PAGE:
2. A storage and reduce CPU cost due to cheaper compression. Column * * B ... E stores have been adopted for analyzing relational data [1] but to the r1 * best of our knowledge have not been extended to nested data mod- C D r1 els. The columnar storage format that we present is supported by r2 r1 many data processing tools at Google, including MR, Sawzall [20], r1 ... r2 r2 and FlumeJava [7]. In this paper we make the following contributions: record- column- r2 • We describe a novel columnar storage format for nested oriented oriented data. We present algorithms for dissecting nested records Figure 1: Record-wise vs. columnar representation of nested data into columns and reassembling them (Section 4). • We outline Dremel’s query language and execution. Both are designed to operate efficiently on column-striped nested data The second ingredient for building interoperable data manage- and do not require restructuring of nested records (Section 5). ment components is a shared storage format. Columnar storage • We show how execution trees used in web search systems can proved successful for flat relational data but making it work for be applied to database processing, and explain their benefits Google required adapting it to a nested data model. Figure 1 illus- for answering aggregation queries efficiently (Section 6). trates the main idea: all values of a nested field such as A.B.C are stored contiguously. Hence, A.B.C can be retrieved without read- • We present experiments on trillion-record, multi-terabyte ing A.E, A.B.D, etc. The challenge that we address is how to pre- datasets, conducted on system instances running on 1000- serve all structural information and be able to reconstruct records 4000 nodes (Section 7). from an arbitrary subset of fields. Next we discuss our data model, This paper is structured as follows. In Section 2, we explain how and then turn to algorithms and query processing. Dremel is used for data analysis in combination with other data management tools. Its data model is presented in Section 3. The 3. DATA MODEL main contributions listed above are covered in Sections 4-8. Re- lated work is discussed in Section 9. Section 10 is the conclusion. In this section we present Dremel’s data model and introduce some terminology used later. The data model originated in the context of distributed systems (which explains its name, ‘Protocol Buffers’ 2. BACKGROUND [21]), is used widely at Google, and is available as an open source We start by walking through a scenario that illustrates how interac- implementation. The data model is based on strongly-typed nested tive query processing fits into a broader data management ecosys- records. Its abstract syntax is given by: tem. Suppose that Alice, an engineer at Google, comes up with a novel idea for extracting new kinds of signals from web pages. She τ = dom | A1 : τ [∗|?], . . . , An : τ [∗|?] runs an MR job that cranks through the input data and produces a where τ is an atomic type or a record type. Atomic types in dom dataset containing the new signals, stored in billions of records in comprise integers, floating-point numbers, strings, etc. Records the distributed file system. To analyze the results of her experiment, consist of one or multiple fields. Field i in a record has a name Ai she launches Dremel and executes several interactive commands: and an optional multiplicity label. Repeated fields (∗) may occur DEFINE TABLE t AS /path/to/data/* multiple times in a record. They are interpreted as lists of values, SELECT TOP(signal1, 100), COUNT(*) FROM t i.e., the order of field occurences in a record is significant. Optional Her commands execute in seconds. She runs a few other queries fields (?) may be missing from the record. Otherwise, a field is to convince herself that her algorithm works. She finds an irregular- required, i.e., must appear exactly once. ity in signal1 and digs deeper by writing a FlumeJava [7] program To illustrate, consider Figure 2. It depicts a schema that defines a that performs a more complex analytical computation over her out- record type Document, representing a web document. The schema put dataset. Once the issue is fixed, she sets up a pipeline which definition uses the concrete syntax from [21]. A Document has a re- processes the incoming input data continuously. She formulates a quired integer DocId and optional Links, containing a list of Forward few canned SQL queries that aggregate the results of her pipeline and Backward entries holding DocIds of other web pages. A docu- across various dimensions, and adds them to an interactive dash- ment can have multiple Names, which are different URLs by which board. Finally, she registers her new dataset in a catalog so other the document can be referenced. A Name contains a sequence of engineers can locate and query it quickly. Code and (optional) Country pairs. Figure 2 also shows two sample The above scenario requires interoperation between the query records, r1 and r2 , conforming to the schema. The record structure processor and other data management tools. The first ingredient for is outlined using indentation. We will use these sample records to that is a common storage layer. The Google File System (GFS [14]) explain the algorithms in the next sections. The fields defined in the is one such distributed storage layer widely used in the company. schema form a tree hierarchy. The full path of a nested field is de- GFS uses replication to preserve the data despite faulty hardware noted using the usual dotted notation, e.g., Name.Language.Code. and achieve fast response times in presence of stragglers. A high- The nested data model backs a platform-neutral, extensible performance storage layer is critical for in situ data management. It mechanism for serializing structured data at Google. Code gen- allows accessing the data without a time-consuming loading phase, eration tools produce bindings for programming languages such which is a major impedance to database usage in analytical data as C++ or Java. Cross-language interoperability is achieved using processing [13], where it is often possible to run dozens of MR a standard binary on-the-wire representation of records, in which analyses before a DBMS is able to load the data and execute a sin- field values are laid out sequentially as they occur in the record. gle query. As an added benefit, data in a file system can be con- This way, a MR program written in Java can consume records from veniently manipulated using standard tools, e.g., to transfer to an- a data source exposed via a C++ library. Thus, if records are stored other cluster, change access privileges, or identify a subset of data in a columnar representation, assembling them fast is important for for analysis based on file names. interoperation with MR and other data processing tools.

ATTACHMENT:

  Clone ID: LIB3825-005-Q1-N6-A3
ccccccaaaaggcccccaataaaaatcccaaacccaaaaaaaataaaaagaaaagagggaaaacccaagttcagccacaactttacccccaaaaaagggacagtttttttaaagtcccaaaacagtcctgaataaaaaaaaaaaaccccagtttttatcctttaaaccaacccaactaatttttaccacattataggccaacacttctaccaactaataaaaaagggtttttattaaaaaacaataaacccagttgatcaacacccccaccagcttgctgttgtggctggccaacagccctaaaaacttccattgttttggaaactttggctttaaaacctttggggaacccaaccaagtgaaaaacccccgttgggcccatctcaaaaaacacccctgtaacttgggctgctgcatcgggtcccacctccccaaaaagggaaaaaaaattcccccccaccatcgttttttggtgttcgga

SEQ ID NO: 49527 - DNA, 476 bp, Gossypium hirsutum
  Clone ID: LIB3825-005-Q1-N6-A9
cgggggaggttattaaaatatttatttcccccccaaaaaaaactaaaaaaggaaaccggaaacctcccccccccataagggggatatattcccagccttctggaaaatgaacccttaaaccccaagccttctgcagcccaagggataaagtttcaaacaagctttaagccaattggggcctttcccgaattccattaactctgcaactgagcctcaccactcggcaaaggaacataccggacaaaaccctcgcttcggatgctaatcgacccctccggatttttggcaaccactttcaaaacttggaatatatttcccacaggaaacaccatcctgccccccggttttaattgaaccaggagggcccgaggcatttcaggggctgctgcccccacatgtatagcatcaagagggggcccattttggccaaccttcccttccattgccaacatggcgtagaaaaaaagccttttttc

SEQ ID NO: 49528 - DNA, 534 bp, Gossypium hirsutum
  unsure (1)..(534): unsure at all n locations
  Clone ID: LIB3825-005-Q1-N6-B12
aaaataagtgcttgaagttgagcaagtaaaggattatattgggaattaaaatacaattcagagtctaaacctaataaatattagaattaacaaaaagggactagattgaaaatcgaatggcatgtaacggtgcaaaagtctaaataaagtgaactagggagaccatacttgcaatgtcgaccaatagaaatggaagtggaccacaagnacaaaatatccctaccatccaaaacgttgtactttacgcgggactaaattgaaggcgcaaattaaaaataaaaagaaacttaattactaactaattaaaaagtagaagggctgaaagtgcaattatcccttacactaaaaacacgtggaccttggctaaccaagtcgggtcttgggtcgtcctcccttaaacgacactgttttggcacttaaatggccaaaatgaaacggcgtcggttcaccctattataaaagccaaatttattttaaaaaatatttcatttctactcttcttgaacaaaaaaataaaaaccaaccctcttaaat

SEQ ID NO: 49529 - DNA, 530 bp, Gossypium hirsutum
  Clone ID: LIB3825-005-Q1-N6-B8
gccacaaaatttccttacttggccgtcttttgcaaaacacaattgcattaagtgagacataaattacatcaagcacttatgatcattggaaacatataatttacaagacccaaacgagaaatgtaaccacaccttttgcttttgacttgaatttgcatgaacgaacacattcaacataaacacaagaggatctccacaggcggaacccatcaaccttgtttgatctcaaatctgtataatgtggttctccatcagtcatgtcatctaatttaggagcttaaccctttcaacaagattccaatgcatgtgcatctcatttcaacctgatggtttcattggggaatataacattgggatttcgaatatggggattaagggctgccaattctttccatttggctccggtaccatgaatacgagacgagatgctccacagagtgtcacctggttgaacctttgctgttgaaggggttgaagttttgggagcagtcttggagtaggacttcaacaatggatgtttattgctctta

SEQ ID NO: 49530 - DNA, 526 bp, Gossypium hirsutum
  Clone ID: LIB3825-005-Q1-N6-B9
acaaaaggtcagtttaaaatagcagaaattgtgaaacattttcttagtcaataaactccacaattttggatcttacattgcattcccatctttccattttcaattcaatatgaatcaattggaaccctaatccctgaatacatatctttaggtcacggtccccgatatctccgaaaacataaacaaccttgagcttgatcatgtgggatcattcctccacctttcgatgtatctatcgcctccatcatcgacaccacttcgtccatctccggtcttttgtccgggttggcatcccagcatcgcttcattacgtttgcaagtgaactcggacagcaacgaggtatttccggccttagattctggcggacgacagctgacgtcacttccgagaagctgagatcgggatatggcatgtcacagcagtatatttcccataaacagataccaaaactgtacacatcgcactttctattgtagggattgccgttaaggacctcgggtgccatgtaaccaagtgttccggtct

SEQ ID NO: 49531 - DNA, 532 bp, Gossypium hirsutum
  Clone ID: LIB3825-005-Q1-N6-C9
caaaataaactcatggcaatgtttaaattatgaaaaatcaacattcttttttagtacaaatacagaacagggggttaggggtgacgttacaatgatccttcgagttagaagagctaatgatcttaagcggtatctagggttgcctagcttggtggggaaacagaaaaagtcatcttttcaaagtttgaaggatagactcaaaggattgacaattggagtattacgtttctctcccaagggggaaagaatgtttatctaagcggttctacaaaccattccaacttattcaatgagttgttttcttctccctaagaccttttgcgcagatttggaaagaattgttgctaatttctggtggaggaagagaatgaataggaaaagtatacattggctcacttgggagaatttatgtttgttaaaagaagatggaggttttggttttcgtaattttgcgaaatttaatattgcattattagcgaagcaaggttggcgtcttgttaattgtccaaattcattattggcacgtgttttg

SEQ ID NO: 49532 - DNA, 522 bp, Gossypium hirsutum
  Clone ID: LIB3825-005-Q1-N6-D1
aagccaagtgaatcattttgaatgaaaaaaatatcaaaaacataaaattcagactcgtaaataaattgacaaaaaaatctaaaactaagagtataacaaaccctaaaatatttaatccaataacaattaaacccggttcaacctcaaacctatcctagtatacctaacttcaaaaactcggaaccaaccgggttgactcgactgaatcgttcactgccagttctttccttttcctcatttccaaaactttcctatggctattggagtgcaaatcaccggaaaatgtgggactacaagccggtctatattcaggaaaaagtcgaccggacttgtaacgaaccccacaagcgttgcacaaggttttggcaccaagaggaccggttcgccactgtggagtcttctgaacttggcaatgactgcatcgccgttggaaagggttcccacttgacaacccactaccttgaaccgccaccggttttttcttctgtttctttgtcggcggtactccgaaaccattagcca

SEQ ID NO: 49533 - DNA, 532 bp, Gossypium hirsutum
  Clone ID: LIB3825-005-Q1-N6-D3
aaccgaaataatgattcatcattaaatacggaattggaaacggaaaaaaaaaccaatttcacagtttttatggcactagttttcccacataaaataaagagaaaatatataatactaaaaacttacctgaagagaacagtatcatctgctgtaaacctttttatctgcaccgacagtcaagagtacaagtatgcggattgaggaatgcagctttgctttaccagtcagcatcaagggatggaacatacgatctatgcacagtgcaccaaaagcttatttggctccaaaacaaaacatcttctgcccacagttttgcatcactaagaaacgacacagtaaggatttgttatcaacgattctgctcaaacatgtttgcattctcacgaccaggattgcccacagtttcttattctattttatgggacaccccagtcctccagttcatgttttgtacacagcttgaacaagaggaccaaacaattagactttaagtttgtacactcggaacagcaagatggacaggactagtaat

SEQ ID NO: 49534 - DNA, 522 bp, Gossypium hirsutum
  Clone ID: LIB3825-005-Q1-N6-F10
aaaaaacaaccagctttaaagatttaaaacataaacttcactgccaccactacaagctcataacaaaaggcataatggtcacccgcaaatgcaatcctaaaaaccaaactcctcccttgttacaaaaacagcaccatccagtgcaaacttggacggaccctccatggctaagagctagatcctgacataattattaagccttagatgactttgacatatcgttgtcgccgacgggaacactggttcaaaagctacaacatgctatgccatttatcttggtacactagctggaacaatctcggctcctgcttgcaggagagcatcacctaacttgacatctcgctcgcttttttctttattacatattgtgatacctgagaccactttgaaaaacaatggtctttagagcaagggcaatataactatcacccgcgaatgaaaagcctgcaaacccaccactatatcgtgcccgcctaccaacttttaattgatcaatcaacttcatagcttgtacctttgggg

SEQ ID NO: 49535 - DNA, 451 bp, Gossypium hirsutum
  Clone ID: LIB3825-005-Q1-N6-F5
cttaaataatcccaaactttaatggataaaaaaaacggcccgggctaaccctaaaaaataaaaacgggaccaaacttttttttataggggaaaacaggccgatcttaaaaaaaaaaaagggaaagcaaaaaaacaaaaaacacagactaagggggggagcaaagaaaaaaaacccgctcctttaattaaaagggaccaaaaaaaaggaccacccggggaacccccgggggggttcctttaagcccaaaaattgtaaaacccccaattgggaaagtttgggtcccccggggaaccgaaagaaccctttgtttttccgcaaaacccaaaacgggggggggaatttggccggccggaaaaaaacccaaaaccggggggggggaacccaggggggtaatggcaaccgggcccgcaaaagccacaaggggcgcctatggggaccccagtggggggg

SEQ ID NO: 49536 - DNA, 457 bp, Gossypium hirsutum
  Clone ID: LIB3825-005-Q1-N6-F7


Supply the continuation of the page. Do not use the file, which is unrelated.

3. message Document { DocId: 10 1r required int64 DocId; DocId Name.Url Links.Forward Links.Backward Links optional group Links { value r d value r d value r d value r d Forward: 20 repeated int64 Backward; 10 0 0 http://A 0 2 20 0 2 NULL 0 1 Forward: 40 repeated int64 Forward; } Forward: 60 20 0 0 http://B 1 2 40 1 2 10 0 2 repeated group Name { Name repeated group Language { NULL 1 1 60 1 2 30 1 2 Language required string Code; http://C 0 2 80 0 2 Code: 'en-us' optional string Country; } Country: 'us' optional string Url; }} Language Name.Language.Code Name.Language.Country Code: 'en' value r d value r d Url: 'http://A' DocId: 20 2 r en-us 0 2 us 0 3 Name Links en 2 2 NULL 2 2 Url: 'http://B' Backward: 10 Name Backward: 30 NULL 1 1 NULL 1 1 Language Forward: 80 en-gb 1 2 gb 1 3 Code: 'en-gb' Name NULL 0 1 NULL 0 1 Country: 'gb' Url: 'http://C' Figure 3: Column-striped representation of the sample data in Fig- Figure 2: Two sample nested records and their schema ure 2, showing repetition levels (r) and definition levels (d) 4. NESTED COLUMNAR STORAGE tually present in the record. To illustrate, observe that r1 has no As illustrated in Figure 1, our goal is to store all values of a given Backward links. However, field Links is defined (at level 1). To field consecutively to improve retrieval efficiency. In this section, preserve this information, we add a NULL value with definition we address the following challenges: lossless representation of level 1 to the Links.Backward column. Similarly, the missing oc- record structure in a columnar format (Section 4.1), fast encoding currence of Name.Language.Country in r2 carries a definition level (Section 4.2), and efficient record assembly (Section 4.3). 1, while its missing occurrences in r1 have definition levels 2 (in- side Name.Language) and 1 (inside Name), respectively. 4.1 Repetition and Definition Levels We use integer definition levels as opposed to is-null bits so that Values alone do not convey the structure of a record. Given two the data for a leaf field (e.g., Name.Language.Country) contains the values of a repeated field, we do not know at what ‘level’ the value information about the occurrences of its parent fields; an example repeated (e.g., whether these values are from two different records, of how this information is used is given in Section 4.3. or two repeated values in the same record). Likewise, given a miss- The encoding outlined above preserves the record structure loss- ing optional field, we do not know which enclosing records were lessly. We omit the proof for space reasons. defined explicitly. We therefore introduce the concepts of repeti- tion and definition levels, which are defined below. For reference, Encoding. Each column is stored as a set of blocks. Each block see Figure 3 which summarizes the repetition and definition levels contains the repetition and definition levels (henceforth, simply for all atomic fields in our sample records. called levels) and compressed field values. NULLs are not stored explicitly as they are determined by the definition levels: any defi- Repetition levels. Consider field Code in Figure 2. It occurs nition level smaller than the number of repeated and optional fields three times in r1 . Occurrences ‘en-us’ and ‘en’ are inside the first in a field’s path denotes a NULL. Definition levels are not stored Name, while ’en-gb’ is in the third Name. To disambiguate these for values that are always defined. Similarly, repetition levels are occurrences, we attach a repetition level to each value. It tells us stored only if required; for example, definition level 0 implies rep- at what repeated field in the field’s path the value has repeated. etition level 0, so the latter can be omitted. In fact, in Figure 3, no The field path Name.Language.Code contains two repeated fields, levels are stored for DocId. Levels are packed as bit sequences. We Name and Language. Hence, the repetition level of Code ranges only use as many bits as necessary; for example, if the maximum between 0 and 2; level 0 denotes the start of a new record. Now definition level is 3, we use 2 bits per definition level. suppose we are scanning record r1 top down. When we encounter ‘en-us’, we have not seen any repeated fields, i.e., the repetition 4.2 Splitting Records into Columns level is 0. When we see ‘en’, field Language has repeated, so the Above we presented an encoding of the record structure in a colum- repetition level is 2. Finally, when we encounter ‘en-gb’, Name has repeated most recently (Language occurred only once after Name), nar format. The next challenge we address is how to produce col- so the repetition level is 1. Thus, the repetition levels of Code val- umn stripes with repetition and definition levels efficiently. ues in r1 are 0, 2, 1. The base algorithm for computing repetition and definition lev- els is given in Appendix A. The algorithm recurses into the record Notice that the second Name in r1 does not contain any Code values. To determine that ‘en-gb’ occurs in the third Name and not structure and computes the levels for each field value. As illustrated in the second, we add a NULL value between ‘en’ and ‘en-gb’ (see earlier, repetition and definition levels may need to be computed Figure 3). Code is a required field in Language, so the fact that it even if field values are missing. Many datasets used at Google are is missing implies that Language is not defined. In general though, sparse; it is not uncommon to have a schema with thousands of fields, only a hundred of which are used in a given record. Hence, determining the level up to which nested records exist requires extra information. we try to process missing fields as cheaply as possible. To produce column stripes, we create a tree of field writers, whose structure Definition levels. Each value of a field with path p, esp. every matches the field hierarchy in the schema. The basic idea is to NULL, has a definition level specifying how many fields in p that update field writers only when they have their own data, and not could be undefined (because they are optional or repeated) are ac- try to propagate parent state down the tree unless absolutely neces-